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On the Moral Questions Tech Creators Aren’t Equipped to Answer

The coronavirus pandemic is dramatically disrupting not only our daily lives but society itself. This show features conversations with some of the world’s leading thinkers and writers about the deeper economic, political, and technological consequences of the pandemic. It’s our new daily podcast trying to make longterm sense out of the chaos of today’s global crisis.

On this episode, futurist Larry Downes discusses imminent technological revolutions in healthcare, agriculture, and our homes and transportation.

From the episode:

Andrew Keen: We’ve been hearing about smart cars for years. We’ve been told that we will no longer be driving our cars, but we all are still driving our cars, even in Silicon Valley. How do you envisage the need and limits of regulation for smart transportation in the future?

Larry Downes: Obviously, transportation is an area that’s already heavily regulated and has been since the horse and buggy days, if not before that. And a lot of the infrastructure is it’s self-government provided, so it’s inherently part of government activity. As I say in the piece, the real thing to think about with smart cars is the realization that in this country alone, we have 40,000 annual deaths for traffic-related fatalities. Nearly all of them are the result of driver error. Frankly, human beings aren’t particularly good at managing that multi-ton piece of equipment, and with distracted driving and people on their smartphones, it just gets worse. So I think we’ve already reached the point from a software and hardware standpoint where the autonomous vehicle technology itself, it’s already a better driver.

Now, does that mean it’s not going to have any fatalities or any accidents? No, that’s probably never going to happen. But imagine if somebody said, look, on the one hand, smart cars are going to kill 20,000 people a year. On the other hand, it’s going to save the other 20,000 people a year that would have died if we didn’t do it. At that point do you say, okay, 20,000 is better than 40,000, by half. Let’s do it. Or do you wait until it gets down to some much more smaller number? Those are political questions as well as legal questions, and frankly they’re moral and ethical questions. And they’re not the thing that the technologists themselves, the people developing this technology, are particularly good at answering and not particularly trained to answer.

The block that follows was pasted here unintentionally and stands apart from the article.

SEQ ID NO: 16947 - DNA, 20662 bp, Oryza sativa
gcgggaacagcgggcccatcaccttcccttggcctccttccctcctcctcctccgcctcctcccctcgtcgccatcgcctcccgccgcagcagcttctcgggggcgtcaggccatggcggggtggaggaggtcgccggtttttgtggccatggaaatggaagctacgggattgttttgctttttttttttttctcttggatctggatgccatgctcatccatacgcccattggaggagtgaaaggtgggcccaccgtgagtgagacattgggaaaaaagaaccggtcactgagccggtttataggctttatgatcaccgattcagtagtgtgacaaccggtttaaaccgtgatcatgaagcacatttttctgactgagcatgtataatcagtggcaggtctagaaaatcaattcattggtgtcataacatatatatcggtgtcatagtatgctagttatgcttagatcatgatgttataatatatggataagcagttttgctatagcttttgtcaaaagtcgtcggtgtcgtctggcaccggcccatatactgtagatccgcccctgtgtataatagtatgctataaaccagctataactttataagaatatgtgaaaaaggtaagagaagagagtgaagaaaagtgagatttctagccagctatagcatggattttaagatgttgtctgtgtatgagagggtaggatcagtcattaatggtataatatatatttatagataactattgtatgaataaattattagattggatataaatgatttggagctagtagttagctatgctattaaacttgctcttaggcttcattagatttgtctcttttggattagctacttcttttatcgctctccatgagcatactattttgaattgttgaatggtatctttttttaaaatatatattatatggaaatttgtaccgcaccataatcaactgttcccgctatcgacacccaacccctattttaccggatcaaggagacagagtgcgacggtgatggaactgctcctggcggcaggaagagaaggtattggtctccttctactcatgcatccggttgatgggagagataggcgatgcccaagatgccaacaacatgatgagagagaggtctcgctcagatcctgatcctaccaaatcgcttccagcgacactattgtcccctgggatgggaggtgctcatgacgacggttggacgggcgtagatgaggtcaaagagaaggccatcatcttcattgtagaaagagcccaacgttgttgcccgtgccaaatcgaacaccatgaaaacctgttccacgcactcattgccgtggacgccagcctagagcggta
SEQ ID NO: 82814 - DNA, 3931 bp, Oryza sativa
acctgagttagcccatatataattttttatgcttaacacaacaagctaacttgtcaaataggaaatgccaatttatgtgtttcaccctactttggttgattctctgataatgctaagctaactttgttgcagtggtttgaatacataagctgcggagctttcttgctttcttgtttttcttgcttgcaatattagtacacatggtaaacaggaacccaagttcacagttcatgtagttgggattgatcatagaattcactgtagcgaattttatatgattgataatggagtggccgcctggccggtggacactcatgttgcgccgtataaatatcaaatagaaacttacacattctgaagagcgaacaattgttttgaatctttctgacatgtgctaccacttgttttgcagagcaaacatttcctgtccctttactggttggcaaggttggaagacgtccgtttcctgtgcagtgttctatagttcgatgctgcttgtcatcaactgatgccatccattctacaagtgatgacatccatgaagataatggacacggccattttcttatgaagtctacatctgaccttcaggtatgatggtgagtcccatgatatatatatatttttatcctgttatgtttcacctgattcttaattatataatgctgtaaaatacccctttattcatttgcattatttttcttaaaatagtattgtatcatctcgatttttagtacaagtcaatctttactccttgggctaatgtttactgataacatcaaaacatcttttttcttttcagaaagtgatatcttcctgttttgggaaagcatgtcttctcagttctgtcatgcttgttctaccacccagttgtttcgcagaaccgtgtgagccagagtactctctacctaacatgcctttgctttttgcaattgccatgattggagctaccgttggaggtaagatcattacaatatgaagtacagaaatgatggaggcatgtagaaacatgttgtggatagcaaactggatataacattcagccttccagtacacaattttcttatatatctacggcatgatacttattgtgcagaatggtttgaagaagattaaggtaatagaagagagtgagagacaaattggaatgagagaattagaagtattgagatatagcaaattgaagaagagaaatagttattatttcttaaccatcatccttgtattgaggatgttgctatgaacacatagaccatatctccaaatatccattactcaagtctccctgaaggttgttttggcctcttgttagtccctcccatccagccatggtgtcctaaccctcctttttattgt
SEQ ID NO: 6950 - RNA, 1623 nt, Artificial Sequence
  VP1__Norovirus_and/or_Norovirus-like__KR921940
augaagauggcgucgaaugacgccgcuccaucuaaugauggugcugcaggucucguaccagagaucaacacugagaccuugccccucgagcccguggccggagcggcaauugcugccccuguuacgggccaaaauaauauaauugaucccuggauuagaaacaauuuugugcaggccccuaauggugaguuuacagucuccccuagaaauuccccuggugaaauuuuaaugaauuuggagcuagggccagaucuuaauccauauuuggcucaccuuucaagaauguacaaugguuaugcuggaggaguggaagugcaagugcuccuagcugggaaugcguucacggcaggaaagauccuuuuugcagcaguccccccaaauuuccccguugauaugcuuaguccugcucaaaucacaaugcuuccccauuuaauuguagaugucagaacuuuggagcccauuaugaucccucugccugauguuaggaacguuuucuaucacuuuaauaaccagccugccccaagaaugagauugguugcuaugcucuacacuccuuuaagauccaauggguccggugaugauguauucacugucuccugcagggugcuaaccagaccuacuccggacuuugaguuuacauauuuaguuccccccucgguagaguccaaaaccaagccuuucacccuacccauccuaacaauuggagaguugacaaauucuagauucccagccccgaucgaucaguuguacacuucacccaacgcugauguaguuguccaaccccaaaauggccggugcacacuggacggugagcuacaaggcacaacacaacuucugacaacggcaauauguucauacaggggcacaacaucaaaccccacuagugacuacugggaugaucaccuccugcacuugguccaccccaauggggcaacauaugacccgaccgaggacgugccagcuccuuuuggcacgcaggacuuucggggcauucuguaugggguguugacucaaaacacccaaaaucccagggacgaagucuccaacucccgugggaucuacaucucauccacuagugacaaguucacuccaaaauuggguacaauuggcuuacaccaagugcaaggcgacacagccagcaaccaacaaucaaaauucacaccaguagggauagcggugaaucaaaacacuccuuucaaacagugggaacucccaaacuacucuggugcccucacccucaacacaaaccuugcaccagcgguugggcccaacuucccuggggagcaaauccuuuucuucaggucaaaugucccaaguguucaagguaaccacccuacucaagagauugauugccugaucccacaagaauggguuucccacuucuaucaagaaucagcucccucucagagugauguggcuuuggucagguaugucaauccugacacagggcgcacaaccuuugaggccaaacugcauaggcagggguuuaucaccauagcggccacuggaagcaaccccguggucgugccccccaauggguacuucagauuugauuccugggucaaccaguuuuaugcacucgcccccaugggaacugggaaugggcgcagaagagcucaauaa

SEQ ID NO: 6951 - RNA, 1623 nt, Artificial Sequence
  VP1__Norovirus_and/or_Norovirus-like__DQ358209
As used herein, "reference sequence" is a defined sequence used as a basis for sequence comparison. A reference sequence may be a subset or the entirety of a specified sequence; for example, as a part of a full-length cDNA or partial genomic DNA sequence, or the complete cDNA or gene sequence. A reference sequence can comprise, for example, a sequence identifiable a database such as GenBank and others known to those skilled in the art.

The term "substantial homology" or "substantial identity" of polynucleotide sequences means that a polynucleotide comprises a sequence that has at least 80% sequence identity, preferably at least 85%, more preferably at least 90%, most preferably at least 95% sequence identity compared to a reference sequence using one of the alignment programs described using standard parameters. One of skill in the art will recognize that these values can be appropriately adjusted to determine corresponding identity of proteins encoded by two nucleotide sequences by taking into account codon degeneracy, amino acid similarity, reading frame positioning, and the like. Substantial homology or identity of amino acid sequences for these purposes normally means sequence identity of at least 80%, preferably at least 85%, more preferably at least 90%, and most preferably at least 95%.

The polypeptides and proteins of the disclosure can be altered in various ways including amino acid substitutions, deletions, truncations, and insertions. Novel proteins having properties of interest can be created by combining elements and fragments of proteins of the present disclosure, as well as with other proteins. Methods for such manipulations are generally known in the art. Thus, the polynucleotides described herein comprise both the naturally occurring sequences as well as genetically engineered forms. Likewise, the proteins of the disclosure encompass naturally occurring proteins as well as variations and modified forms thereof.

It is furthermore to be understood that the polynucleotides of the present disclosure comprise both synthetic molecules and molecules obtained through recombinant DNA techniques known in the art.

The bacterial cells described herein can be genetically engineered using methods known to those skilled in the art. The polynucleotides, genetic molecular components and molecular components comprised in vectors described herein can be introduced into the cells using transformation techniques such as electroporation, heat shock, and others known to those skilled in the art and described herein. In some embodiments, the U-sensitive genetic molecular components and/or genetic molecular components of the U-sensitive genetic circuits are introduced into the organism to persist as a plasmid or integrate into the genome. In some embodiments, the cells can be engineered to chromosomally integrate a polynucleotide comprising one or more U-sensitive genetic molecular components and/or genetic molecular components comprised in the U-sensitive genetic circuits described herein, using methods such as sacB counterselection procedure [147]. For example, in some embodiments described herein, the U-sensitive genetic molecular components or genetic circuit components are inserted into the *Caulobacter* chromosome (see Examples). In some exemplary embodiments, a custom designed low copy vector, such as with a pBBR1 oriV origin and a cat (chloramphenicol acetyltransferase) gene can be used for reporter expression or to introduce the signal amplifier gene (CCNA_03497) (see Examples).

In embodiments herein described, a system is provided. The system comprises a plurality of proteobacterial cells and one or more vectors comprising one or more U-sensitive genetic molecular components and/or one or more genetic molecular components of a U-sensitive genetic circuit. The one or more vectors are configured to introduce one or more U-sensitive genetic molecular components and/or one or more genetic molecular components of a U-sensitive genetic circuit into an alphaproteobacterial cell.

Andrew Keen: Two questions, Larry. Let’s imagine that we’re talking again—I hope we will—in 2030, ten years time, October 2030. Probably Ivanka Trump or something will be president. Two predictions, or two questions. Of these four sectors—medical, agricultural, transportation, and home—which revolution will be most self-evident in 2030? Where it’s clear to our viewers that this sector has radically transformed my life? It’s not just theory anymore, it’s not just futurists like you talking about the future. The future will have literally arrived.

Larry Downe: I think probably—again, I’m terrible at predicting—

Andrew Keen: All futurists a terrible at predicting. You’re just more honest than most futurists.

Larry Downes: Sure. But I think healthcare is probably the one that’s inevitably going to change. If for no other reason than in some ways, the modern healthcare system, particularly in this country, is still in the—I wouldn’t say the Stone Age, but it really is very rooted in 19th-century ideas about doctors as sort of special shamans and gurus who can’t be questioned, who have to do everything personally and individually. There’s a lot of bad assumptions built into the healthcare system, and it’s embedded in the insurance model and everything that goes with it. We’re gonna get rid of that model, as we realize the technology could do a lot better job. And it’s really going to change the way in which we even think about healthcare, certainly proactively as well as defensively.

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Larry Downes is the author of five books on the impact of technology on business, society, and the law. His first book, Unleashing the Killer App (Harvard Business School Press), was an international bestseller, with over 200,000 copies in print. The Wall Street Journal named it one of the five most important books ever published on business and technology. His most recent book is Pivot to the Future (Public Affairs), co-authored with Omar Abbosh and Paul Nunes of Accenture. It has been nominated for the 2019 Thinkers50 Strategy Award. Downes writes the “Innovations” column for The Washington Post and is a regular contributor to Harvard Business Review. He was previously a columnist for Forbes, CNET and The Industry Standard.

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